Chicago Cubs: Pedro Strop said financial restrictions kept him away

Pedro Strop - Cincinnati Reds (Photo by Jamie Squire/Getty Images)
Pedro Strop - Cincinnati Reds (Photo by Jamie Squire/Getty Images) /

Former Chicago Cubs’ setup man Pedro Strop said ‘cap restrictions’ set it up to be $1 million or lower–but he was happy to be wanted after a bad year.

Current Cincinnati Reds and former Chicago Cubs setup man Pedro Strop was happy–which is unusual for him. See, Strop generally pitches angry. But in this case, he was not. In fact, he was glad to see his ex-teammates across the way.

In a piece by Evan Altman, he had no hard feelings against the Cubs. In fact, he was delighted with them across the diamond. Former teammates gave him a hard time, beckoning to throw fastballs. But Strop didn’t care.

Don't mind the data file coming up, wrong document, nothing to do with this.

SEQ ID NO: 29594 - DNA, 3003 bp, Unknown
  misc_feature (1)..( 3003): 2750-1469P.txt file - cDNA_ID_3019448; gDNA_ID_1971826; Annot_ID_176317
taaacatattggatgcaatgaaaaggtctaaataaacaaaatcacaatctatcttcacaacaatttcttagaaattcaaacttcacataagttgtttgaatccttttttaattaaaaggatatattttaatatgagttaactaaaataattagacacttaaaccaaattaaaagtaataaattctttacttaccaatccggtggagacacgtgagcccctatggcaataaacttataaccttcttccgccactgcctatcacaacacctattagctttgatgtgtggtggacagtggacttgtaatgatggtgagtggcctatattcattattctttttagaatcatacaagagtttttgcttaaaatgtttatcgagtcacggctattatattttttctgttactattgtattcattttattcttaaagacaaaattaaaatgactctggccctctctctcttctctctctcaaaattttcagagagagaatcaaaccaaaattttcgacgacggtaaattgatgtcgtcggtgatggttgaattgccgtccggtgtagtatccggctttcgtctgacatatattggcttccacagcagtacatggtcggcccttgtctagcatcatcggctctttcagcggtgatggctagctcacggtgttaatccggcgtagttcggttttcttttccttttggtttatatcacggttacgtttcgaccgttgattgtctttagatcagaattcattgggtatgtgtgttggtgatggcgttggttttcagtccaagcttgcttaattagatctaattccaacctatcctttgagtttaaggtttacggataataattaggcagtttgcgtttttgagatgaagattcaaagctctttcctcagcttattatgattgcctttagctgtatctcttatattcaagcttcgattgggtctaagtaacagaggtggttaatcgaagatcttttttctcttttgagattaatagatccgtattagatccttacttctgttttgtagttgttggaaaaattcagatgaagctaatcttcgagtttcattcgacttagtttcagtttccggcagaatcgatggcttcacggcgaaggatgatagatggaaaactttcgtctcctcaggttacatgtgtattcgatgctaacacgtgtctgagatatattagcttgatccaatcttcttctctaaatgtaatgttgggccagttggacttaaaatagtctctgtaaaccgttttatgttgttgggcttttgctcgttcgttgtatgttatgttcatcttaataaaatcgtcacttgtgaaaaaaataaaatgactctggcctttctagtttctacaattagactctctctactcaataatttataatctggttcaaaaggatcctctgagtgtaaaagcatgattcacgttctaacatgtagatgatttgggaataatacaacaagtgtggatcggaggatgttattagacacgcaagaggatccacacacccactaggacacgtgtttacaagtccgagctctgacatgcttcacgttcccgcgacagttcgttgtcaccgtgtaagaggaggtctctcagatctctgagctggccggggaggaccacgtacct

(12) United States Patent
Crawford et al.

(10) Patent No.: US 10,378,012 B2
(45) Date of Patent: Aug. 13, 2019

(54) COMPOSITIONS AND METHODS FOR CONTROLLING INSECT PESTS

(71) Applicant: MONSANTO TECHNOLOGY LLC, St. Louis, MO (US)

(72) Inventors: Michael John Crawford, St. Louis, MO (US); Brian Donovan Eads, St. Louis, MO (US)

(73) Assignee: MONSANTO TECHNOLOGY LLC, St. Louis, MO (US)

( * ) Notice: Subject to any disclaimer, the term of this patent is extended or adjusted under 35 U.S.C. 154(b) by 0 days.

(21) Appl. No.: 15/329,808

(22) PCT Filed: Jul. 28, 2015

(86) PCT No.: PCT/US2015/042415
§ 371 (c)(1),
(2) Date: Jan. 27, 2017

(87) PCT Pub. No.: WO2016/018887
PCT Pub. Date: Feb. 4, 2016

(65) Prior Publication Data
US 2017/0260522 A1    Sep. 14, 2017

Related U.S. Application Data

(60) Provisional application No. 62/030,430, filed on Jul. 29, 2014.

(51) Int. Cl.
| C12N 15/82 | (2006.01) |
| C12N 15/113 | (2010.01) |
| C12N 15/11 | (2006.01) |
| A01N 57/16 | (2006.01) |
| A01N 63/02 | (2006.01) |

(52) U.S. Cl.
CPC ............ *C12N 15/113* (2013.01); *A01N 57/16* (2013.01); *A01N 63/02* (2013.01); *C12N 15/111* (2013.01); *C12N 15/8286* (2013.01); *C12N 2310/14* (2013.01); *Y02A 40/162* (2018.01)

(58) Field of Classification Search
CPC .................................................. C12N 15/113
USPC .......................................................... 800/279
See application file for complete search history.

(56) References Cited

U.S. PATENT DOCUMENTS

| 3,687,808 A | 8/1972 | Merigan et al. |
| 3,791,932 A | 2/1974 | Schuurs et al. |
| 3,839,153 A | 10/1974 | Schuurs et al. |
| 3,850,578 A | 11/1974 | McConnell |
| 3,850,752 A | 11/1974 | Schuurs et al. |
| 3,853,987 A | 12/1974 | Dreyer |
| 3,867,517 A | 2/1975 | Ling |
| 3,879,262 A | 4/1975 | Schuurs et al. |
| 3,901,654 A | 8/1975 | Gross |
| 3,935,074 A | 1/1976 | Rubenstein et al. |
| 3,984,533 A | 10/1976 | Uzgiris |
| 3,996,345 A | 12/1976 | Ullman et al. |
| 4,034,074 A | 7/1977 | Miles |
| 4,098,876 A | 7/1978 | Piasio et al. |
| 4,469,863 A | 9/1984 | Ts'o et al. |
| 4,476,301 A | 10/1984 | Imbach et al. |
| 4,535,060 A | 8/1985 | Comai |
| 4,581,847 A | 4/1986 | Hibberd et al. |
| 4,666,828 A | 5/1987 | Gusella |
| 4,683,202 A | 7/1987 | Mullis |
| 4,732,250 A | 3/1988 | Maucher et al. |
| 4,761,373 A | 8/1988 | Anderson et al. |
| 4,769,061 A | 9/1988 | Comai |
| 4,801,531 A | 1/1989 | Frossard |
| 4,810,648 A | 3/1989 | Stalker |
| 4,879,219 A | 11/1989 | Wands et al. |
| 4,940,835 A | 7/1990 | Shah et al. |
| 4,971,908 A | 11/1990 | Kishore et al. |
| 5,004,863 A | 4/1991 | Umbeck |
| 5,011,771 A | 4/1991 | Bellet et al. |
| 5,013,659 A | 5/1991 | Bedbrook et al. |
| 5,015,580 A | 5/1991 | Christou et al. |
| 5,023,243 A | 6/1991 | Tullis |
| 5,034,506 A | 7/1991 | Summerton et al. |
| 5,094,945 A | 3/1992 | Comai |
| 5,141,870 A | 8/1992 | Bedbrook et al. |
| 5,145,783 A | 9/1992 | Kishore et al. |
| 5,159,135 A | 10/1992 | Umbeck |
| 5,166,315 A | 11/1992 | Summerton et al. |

"“Usually, I’m really focused and look like I’m mad, Strop sad. “But today, I couldn’t. I couldn’t. I couldn’t do that. It was fun. I was happy to see my ex-teammates in there, enjoying the moment, me pitching against them. Me, too. I enjoyed the moment.”"

In the end, the Cubs let go of Steve Cishek, Brandon Kintzler and Strop. So who will they be replaced with? Well, that is the question. David Ross will decide from eight relievers, and he’s got some choices.

The one thing they did? Tried to bring back Strop. Cap restrictions were set, limiting the total to $1 million. They tried, but it was not enough to bring back #hatstotheleft.

"“I don’t feel bad, like, ‘Oh, they don’t want me no more,’ because they were there. They made me feel good. Even when I didn’t have my best year, they tried to bring me back."

And they did. And they have to admit they did not have his best year. He gave up six home runs in 41 2/3 innings pitched–the most he’s ever given up since his Baltimore Orioles days. And his ERA+ was 90, the year before he came from the Orioles.

Next. How will Souza Jr. fit into the outfield?. dark

The Cubs were committed, but they just weren’t able to sign him. Plus, the Reds had ‘bucco’ bucks, so they were in on almost everyone. Oh, well. The ‘hats to the left’ were worth it, even if he hadn’t had a decent year.